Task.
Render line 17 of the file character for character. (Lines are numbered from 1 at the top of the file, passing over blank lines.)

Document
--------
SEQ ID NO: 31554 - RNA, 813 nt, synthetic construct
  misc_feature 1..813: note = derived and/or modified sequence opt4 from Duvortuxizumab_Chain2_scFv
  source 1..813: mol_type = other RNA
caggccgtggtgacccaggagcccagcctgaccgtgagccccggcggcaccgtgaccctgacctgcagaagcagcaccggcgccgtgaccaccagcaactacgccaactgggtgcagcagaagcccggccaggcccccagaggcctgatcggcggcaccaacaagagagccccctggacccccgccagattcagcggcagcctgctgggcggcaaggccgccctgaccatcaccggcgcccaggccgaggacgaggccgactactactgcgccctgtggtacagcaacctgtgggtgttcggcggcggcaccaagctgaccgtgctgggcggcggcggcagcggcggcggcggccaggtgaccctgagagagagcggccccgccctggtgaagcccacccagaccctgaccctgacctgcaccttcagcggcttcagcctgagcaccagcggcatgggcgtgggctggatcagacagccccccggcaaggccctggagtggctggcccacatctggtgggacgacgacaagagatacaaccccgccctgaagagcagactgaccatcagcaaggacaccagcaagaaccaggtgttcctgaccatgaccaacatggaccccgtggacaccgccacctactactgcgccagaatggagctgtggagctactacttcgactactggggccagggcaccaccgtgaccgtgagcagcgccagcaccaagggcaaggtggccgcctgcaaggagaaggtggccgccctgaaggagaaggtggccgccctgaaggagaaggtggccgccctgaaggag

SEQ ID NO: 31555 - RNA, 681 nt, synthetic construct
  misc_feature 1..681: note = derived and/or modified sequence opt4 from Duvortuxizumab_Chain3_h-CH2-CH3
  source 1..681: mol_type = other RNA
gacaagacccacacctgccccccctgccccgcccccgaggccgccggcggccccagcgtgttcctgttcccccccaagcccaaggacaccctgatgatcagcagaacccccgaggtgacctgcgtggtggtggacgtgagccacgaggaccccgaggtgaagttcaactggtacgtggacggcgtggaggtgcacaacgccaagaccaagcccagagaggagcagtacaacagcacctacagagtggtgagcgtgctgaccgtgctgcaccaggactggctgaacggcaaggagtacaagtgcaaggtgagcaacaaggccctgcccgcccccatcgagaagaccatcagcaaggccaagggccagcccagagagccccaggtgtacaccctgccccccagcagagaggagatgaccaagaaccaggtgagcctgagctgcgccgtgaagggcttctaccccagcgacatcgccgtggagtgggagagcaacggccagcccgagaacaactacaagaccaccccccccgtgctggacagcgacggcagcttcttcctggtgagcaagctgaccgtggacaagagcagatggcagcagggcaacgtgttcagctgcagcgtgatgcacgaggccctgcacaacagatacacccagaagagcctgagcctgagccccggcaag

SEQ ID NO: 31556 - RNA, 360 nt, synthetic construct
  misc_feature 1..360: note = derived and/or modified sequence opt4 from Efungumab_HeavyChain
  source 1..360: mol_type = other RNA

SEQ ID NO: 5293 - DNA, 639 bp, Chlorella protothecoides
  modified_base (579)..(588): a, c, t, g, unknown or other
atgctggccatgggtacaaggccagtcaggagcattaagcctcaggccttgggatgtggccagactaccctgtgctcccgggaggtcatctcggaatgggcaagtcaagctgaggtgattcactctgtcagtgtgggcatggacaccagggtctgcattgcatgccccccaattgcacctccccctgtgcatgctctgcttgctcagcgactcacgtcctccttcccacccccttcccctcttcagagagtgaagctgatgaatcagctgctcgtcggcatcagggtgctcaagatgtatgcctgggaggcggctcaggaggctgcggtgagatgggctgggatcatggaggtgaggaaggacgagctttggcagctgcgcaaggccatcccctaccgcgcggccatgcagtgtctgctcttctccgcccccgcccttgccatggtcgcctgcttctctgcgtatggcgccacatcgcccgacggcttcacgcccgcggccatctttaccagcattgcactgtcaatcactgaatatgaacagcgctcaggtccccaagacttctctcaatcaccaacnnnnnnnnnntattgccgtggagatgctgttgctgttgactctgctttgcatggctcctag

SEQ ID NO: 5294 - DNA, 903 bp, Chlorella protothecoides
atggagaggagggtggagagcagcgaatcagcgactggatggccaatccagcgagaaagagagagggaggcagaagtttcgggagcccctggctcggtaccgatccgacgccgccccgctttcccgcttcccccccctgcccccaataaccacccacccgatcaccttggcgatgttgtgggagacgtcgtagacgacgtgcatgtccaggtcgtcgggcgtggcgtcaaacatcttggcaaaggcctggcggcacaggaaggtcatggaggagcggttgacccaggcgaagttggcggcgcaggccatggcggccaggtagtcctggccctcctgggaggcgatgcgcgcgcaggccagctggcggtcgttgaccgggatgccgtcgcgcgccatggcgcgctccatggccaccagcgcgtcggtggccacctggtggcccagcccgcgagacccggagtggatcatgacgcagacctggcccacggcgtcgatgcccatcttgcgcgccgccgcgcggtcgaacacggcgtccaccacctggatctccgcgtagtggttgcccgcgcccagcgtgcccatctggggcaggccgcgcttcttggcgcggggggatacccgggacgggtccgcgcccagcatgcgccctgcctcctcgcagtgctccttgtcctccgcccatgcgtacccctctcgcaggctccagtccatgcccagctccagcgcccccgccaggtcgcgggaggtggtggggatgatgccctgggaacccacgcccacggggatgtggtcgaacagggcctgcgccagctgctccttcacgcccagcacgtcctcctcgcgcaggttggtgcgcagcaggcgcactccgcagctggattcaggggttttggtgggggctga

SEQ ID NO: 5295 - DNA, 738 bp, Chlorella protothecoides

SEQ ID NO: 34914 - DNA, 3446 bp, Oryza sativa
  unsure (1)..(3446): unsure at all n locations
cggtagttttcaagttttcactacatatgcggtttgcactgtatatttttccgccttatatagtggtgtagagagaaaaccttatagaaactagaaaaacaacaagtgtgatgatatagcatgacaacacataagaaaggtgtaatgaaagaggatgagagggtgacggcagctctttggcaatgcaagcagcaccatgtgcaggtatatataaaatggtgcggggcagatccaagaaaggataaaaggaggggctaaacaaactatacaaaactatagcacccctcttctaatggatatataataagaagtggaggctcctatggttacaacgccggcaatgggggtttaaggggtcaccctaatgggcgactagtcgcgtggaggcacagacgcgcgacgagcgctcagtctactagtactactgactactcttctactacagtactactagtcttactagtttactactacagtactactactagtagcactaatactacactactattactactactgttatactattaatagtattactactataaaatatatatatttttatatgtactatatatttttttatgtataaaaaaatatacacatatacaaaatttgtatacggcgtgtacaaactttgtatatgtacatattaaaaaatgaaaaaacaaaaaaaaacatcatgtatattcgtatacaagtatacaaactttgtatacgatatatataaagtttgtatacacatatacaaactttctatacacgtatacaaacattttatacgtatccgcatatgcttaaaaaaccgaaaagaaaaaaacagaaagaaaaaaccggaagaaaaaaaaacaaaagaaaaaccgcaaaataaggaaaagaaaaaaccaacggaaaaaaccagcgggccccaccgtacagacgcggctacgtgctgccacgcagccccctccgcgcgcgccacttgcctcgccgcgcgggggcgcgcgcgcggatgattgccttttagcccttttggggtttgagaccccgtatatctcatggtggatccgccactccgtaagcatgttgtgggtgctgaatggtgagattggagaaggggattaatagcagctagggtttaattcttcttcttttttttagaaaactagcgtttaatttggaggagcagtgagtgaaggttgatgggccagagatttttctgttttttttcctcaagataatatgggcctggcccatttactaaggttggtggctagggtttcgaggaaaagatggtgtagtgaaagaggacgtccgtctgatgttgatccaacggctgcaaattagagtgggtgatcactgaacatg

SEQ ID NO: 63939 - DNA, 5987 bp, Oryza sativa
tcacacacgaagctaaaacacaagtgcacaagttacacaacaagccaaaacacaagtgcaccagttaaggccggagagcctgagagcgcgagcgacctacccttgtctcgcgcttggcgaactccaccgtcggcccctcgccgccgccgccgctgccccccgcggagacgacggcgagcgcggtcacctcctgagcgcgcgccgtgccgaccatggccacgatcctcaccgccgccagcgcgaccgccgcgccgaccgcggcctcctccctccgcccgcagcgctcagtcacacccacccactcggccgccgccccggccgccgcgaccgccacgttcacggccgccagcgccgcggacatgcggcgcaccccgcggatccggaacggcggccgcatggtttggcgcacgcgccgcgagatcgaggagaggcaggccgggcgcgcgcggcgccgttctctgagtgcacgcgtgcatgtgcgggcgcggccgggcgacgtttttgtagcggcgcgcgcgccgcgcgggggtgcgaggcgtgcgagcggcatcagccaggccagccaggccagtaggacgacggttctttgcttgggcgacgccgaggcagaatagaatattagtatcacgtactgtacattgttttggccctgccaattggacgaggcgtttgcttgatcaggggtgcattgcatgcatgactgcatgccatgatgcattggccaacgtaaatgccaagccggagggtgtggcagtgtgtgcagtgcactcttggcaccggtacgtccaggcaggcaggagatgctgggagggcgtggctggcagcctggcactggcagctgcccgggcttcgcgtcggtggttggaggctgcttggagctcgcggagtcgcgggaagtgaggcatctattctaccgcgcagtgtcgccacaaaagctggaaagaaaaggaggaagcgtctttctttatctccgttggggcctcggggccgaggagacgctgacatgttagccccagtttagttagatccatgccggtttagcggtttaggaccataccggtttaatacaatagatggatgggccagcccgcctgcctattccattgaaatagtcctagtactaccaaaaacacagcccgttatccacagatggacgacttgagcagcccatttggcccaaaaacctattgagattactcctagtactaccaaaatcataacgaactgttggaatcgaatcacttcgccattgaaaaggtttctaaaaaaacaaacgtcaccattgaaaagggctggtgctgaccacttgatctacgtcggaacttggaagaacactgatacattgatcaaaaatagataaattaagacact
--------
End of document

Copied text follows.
SEQ ID NO: 5295 - DNA, 738 bp, Chlorella protothecoides